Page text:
At least 30 people, mostly Muslims, were killed during protests in BJP-governed states, particularly in Uttar Pradesh. During other protests, including by students, the police failed to intervene when government supporters attacked protesters. “The police were present in the campus when the violence broke out,” said a student at a university in Delhi who was injured when a pro-BJP group attacked protesting students. “We sought help from them and then we ran to flee the attackers, but the police never came to our aid.”

The National Register of Citizens has already left nearly two million people at risk of arbitrary detention and statelessness in India’s northeast state of Assam. In August 2019, Assam became the first state to complete the register. Human Rights Watch found that the process in Assam lacked standardization, leading to arbitrary and discriminatory decisions by officials, and put undue hardship on poorer residents who do not have access to identity documentation – dating back for decades – to establish citizenship claims. Women, who are more likely than men to lack access to documentation, were disproportionately affected. The process in Assam has heightened fears over a nationwide citizenship registry.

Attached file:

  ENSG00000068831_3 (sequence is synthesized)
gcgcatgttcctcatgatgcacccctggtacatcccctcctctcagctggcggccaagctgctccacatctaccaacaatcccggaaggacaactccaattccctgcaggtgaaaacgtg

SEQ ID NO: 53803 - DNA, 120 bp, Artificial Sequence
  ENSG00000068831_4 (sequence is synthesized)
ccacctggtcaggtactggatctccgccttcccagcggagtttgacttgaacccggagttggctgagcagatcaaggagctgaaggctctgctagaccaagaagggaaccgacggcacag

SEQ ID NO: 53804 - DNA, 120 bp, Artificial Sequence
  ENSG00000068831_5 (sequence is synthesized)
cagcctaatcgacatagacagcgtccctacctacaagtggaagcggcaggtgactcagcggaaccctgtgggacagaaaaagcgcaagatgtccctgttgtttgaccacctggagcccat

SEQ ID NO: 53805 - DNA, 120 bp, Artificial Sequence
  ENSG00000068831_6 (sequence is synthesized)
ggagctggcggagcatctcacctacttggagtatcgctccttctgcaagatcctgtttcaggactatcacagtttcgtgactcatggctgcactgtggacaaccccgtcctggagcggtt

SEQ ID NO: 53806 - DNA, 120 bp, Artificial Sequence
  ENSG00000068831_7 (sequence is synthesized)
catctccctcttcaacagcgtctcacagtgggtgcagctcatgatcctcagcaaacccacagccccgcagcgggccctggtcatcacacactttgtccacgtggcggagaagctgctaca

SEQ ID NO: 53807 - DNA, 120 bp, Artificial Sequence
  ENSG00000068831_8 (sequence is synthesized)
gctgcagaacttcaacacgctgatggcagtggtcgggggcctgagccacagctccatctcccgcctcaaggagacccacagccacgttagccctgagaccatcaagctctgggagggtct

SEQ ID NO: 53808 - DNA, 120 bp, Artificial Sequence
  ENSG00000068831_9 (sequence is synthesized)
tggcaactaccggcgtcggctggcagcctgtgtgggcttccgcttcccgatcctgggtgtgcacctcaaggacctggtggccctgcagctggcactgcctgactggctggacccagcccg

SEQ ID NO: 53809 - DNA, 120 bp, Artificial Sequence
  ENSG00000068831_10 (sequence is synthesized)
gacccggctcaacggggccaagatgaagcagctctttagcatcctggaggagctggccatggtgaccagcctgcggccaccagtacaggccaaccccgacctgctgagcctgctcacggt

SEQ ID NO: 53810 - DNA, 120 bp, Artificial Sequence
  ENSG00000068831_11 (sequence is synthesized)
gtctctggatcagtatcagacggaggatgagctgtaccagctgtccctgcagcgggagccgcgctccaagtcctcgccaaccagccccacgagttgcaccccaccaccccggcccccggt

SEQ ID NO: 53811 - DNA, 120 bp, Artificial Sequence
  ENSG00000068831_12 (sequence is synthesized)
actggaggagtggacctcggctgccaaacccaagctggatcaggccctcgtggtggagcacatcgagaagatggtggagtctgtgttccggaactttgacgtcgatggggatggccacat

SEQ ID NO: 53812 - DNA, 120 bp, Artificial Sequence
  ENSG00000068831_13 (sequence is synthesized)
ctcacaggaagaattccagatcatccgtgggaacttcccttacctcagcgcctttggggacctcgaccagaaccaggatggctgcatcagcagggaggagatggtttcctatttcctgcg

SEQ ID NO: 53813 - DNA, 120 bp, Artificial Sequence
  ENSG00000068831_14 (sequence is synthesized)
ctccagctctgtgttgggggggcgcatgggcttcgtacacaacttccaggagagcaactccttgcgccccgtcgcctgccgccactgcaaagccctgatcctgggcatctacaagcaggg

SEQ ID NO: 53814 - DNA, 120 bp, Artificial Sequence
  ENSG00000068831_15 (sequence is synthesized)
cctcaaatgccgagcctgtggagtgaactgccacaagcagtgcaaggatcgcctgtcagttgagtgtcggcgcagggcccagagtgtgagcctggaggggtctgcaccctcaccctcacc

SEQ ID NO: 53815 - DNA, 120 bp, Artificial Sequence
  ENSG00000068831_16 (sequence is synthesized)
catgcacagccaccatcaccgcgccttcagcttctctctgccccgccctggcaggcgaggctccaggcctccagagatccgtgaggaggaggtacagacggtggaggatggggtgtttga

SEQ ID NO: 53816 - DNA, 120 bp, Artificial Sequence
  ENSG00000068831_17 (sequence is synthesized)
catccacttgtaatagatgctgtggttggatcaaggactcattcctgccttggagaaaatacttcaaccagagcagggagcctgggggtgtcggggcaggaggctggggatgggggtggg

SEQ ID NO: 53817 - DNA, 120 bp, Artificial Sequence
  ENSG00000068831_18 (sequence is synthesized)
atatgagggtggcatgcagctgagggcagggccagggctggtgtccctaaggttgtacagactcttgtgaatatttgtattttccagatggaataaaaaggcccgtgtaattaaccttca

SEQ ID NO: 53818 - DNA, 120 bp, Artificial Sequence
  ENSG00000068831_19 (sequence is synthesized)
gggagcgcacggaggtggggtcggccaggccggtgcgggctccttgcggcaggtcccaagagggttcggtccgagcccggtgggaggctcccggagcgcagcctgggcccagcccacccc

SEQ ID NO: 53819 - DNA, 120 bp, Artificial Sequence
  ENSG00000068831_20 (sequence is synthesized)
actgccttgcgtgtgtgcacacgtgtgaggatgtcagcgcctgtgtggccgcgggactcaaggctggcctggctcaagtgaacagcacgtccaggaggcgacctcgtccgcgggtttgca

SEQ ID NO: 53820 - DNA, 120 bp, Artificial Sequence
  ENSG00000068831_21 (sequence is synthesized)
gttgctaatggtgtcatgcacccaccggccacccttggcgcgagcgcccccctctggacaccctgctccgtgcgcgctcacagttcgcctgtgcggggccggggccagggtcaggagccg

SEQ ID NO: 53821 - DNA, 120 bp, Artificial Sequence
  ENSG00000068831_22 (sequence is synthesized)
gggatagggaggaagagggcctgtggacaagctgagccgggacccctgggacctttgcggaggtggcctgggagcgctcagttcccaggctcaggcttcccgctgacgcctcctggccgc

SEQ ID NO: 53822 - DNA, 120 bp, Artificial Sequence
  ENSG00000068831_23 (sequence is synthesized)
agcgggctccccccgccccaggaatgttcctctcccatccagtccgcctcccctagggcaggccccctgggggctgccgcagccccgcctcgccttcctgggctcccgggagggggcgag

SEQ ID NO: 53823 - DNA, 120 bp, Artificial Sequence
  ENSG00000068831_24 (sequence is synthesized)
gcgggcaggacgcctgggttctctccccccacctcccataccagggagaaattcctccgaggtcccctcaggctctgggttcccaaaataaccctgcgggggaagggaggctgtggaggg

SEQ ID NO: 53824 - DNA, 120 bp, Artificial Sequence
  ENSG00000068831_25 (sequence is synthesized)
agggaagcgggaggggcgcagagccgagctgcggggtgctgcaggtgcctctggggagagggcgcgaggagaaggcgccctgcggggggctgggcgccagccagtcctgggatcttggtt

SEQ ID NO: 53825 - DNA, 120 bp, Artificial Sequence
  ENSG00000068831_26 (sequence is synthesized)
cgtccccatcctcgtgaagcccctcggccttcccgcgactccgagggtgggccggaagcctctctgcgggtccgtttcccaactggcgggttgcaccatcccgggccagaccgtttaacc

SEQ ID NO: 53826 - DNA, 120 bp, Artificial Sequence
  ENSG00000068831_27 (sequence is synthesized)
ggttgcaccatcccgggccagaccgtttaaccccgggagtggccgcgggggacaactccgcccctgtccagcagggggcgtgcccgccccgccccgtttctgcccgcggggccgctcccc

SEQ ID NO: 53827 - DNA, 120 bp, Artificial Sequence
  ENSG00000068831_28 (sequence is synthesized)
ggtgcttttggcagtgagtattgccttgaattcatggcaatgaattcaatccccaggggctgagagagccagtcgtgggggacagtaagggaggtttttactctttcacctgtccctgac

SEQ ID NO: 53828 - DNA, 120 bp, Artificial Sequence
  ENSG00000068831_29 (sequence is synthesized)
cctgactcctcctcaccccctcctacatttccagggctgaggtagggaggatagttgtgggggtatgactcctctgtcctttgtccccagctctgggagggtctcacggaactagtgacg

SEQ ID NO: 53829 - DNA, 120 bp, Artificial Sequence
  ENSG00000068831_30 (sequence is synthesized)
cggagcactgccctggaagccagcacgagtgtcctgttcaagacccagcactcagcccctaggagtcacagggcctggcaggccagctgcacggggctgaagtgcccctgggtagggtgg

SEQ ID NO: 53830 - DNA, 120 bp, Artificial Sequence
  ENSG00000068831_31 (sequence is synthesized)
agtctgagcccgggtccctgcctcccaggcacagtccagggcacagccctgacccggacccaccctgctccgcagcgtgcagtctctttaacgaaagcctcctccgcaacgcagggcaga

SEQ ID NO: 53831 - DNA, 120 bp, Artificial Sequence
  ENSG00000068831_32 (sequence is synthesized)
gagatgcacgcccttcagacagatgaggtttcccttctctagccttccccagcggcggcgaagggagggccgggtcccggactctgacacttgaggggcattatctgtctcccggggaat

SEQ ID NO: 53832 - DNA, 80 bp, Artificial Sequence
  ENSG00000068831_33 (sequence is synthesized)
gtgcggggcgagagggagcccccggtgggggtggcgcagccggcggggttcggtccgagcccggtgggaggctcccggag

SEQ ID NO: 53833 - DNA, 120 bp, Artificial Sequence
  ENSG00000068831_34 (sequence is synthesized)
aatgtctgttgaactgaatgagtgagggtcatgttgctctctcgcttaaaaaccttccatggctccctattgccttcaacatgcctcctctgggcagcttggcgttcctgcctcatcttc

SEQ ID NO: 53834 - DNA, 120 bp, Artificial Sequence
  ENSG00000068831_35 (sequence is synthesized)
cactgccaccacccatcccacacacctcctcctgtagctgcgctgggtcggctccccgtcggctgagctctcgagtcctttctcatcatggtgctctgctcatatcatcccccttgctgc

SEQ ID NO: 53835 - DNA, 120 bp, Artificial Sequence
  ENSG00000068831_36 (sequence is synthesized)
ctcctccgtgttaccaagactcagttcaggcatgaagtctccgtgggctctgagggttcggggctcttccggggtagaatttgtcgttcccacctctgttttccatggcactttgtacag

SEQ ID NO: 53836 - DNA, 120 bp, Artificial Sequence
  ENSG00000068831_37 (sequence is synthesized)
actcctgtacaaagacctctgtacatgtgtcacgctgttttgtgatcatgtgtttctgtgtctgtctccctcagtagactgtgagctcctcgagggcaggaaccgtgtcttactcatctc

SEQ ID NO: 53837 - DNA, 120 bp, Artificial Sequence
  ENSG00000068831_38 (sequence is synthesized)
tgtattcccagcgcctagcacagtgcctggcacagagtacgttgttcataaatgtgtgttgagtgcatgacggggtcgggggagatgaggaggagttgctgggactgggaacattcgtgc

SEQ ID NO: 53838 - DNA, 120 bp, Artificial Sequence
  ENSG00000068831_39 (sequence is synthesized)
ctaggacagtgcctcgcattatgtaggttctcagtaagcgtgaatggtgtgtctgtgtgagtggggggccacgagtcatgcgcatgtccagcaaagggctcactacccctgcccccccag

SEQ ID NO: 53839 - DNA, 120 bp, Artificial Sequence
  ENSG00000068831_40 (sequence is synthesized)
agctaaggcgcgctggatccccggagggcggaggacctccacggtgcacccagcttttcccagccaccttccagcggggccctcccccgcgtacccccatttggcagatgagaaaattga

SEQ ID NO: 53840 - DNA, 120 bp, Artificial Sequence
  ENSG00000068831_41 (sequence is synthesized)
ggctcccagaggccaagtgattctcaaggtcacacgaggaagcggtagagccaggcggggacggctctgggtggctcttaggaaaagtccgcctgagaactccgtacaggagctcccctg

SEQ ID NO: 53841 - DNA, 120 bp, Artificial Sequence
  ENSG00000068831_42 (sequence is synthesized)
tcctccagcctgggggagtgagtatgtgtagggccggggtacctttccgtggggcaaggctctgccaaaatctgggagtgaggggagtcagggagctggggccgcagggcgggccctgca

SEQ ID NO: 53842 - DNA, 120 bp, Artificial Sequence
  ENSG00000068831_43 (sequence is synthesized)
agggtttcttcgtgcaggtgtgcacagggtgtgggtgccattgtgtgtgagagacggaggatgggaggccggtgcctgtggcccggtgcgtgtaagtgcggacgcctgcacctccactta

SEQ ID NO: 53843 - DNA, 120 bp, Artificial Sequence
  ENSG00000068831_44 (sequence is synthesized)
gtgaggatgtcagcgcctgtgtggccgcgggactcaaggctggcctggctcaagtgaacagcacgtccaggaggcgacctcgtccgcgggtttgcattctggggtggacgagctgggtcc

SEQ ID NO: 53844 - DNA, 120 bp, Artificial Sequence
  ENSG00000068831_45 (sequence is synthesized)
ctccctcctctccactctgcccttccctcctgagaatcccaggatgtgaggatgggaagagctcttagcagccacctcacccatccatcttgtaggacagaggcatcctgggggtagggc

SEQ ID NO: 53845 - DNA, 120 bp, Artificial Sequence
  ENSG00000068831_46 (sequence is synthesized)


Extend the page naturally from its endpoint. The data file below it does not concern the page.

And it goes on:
The Foreigners Tribunals, which decide citizenship in Assam, lack transparency and uniform procedures, Human Rights Watch said. Rights groups and the media reported that significantly more Muslims were being tried and a much greater proportion were declared foreigners as compared with Hindus, because of apparent political pressure. Even some government officials and military personnel have been declared irregular immigrants.

“We sold two cows, chickens, and goats,” said a woman whose family could not afford the legal and document fees to establish their citizenship claims at a Foreigners Tribunal. “Now we do not have anything to sell.”

The Citizenship Amendment Act violates India’s international obligations to prevent deprivation of citizenship on the basis of race, color, descent, or national or ethnic origin. The Indian government should repeal the amendment and ensure that any future national asylum and refugee policy does not discriminate on any grounds, including religion, and complies with international legal standards. It should also discard any plan for a nationwide citizenship verification project until there are public consultations to establish standardized procedures and due process protections to ensure that it does not impose undue hardship on the poor, minority communities, migrant or internally displaced populations, and women, Human Rights Watch said.

“The Indian government has tried to delink the citizenship law from the citizenship verification processes, but it has failed to reassure minority communities because of contradictory, discriminatory, and hate-filled claims by BJP leaders,” Ganguly said. “The government should immediately reverse policies that violate India’s international legal obligations, investigate alleged police abuses, and protect freedom of speech and assembly.”